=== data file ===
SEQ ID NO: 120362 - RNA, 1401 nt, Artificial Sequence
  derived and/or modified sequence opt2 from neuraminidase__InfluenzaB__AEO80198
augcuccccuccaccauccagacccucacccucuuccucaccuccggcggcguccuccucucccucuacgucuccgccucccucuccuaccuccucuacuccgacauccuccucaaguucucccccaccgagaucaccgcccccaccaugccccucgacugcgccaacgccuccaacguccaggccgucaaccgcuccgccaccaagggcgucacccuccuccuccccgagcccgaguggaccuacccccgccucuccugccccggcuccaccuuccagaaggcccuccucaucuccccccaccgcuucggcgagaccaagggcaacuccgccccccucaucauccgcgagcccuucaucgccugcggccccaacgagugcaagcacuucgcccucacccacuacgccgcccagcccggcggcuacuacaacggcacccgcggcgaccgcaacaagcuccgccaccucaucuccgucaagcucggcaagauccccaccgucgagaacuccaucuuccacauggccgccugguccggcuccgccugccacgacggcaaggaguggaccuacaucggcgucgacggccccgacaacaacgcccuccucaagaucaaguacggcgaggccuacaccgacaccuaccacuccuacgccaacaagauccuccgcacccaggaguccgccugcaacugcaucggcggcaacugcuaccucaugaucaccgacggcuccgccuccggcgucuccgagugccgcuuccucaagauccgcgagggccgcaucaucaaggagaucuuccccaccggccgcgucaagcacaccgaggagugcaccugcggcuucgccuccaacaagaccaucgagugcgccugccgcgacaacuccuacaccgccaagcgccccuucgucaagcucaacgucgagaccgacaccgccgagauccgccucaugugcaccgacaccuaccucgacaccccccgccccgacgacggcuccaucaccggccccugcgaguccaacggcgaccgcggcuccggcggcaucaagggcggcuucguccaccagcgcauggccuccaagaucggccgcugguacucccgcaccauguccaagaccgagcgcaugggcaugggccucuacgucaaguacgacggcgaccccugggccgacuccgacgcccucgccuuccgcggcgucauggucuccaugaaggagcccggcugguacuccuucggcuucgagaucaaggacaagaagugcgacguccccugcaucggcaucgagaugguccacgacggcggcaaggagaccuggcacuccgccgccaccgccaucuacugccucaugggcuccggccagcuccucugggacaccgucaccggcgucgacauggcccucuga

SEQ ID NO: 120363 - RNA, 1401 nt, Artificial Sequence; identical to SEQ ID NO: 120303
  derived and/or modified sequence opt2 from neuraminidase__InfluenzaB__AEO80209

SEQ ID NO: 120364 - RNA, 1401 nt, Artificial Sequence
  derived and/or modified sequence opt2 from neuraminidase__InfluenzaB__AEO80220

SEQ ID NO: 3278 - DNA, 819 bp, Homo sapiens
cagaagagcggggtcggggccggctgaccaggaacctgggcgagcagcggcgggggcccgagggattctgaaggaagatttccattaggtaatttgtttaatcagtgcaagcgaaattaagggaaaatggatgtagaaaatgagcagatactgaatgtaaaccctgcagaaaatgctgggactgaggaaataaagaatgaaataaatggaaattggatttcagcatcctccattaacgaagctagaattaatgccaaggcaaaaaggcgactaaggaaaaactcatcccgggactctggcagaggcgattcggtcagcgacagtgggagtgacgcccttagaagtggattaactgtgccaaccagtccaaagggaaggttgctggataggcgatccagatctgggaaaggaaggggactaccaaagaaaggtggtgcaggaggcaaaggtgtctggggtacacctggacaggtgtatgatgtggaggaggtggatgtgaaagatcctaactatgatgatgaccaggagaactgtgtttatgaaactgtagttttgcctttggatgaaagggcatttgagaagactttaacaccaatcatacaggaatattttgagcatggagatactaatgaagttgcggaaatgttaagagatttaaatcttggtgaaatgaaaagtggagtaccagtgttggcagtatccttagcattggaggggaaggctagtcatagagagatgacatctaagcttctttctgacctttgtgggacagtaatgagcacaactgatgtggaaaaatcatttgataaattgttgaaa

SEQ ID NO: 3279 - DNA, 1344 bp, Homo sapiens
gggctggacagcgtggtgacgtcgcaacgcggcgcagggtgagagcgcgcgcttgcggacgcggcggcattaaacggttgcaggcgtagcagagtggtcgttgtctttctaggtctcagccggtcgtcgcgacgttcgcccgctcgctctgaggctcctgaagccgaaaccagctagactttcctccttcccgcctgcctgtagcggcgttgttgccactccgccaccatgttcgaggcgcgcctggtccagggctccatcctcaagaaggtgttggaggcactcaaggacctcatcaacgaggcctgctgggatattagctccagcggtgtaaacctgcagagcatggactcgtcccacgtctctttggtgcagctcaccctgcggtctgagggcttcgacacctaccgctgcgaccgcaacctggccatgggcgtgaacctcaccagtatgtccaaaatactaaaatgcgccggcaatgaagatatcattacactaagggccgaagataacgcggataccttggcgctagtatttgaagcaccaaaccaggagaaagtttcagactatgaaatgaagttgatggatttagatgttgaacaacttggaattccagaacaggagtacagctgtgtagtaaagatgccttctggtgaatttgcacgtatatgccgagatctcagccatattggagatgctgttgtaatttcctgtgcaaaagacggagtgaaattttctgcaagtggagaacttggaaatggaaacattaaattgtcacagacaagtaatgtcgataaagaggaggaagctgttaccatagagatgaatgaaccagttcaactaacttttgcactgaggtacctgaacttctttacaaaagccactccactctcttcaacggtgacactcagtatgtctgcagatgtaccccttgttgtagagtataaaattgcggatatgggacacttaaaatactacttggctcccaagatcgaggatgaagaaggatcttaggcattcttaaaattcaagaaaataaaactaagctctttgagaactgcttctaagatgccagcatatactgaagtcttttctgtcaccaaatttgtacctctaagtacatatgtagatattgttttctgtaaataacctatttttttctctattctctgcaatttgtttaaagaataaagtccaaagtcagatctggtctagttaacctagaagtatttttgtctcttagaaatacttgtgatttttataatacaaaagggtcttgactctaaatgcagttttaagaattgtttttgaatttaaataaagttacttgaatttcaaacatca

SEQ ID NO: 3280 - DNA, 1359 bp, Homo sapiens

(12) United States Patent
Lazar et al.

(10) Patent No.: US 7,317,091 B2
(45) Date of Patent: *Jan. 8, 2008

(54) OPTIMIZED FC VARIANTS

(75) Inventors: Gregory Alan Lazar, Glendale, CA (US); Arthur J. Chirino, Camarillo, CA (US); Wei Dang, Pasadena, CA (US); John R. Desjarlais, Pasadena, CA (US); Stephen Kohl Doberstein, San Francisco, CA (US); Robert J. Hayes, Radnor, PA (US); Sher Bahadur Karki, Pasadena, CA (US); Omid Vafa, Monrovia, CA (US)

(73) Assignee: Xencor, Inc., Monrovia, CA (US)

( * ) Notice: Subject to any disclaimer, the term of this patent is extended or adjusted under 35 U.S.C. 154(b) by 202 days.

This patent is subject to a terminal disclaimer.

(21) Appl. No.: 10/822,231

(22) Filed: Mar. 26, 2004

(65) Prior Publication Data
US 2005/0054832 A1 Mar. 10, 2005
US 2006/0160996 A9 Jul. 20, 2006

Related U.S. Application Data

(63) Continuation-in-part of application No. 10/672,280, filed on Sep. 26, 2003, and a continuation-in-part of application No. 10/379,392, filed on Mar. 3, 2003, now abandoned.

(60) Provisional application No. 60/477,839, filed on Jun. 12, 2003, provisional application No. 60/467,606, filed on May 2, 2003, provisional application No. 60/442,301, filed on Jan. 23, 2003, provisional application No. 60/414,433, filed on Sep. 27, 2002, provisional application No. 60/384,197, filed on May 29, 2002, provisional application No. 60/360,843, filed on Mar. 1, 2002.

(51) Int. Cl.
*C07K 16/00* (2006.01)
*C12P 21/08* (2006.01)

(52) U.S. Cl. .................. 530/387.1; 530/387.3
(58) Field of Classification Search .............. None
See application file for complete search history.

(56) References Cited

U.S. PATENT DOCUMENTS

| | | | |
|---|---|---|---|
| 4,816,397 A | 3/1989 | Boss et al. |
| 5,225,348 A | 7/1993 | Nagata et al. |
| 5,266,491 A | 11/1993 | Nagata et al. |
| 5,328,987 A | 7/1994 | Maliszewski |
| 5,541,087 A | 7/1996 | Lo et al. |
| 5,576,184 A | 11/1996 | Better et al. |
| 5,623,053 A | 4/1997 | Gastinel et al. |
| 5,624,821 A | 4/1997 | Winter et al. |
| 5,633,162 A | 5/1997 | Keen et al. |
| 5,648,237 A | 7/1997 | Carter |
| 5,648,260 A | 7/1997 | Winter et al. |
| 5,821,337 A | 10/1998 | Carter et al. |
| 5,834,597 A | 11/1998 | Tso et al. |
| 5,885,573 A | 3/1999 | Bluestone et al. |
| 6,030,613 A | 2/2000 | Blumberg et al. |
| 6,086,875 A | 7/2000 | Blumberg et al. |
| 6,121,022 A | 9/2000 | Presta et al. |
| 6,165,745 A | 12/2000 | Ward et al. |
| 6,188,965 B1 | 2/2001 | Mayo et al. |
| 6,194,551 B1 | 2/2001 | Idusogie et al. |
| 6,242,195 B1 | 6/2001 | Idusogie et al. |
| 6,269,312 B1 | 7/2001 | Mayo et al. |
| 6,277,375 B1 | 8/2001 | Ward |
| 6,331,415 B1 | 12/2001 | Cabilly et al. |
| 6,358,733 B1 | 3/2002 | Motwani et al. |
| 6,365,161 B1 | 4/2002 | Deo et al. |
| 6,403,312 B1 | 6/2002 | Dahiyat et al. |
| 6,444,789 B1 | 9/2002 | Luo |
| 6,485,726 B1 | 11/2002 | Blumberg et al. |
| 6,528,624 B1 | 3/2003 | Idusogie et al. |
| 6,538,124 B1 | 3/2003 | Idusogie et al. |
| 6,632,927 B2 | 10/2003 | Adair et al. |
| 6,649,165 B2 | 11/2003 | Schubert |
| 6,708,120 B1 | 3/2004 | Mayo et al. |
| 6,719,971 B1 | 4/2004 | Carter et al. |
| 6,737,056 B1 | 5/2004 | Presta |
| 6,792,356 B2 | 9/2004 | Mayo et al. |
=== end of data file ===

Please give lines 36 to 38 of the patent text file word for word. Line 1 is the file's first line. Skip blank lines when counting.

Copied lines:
(56) References Cited

U.S. PATENT DOCUMENTS

| | | | |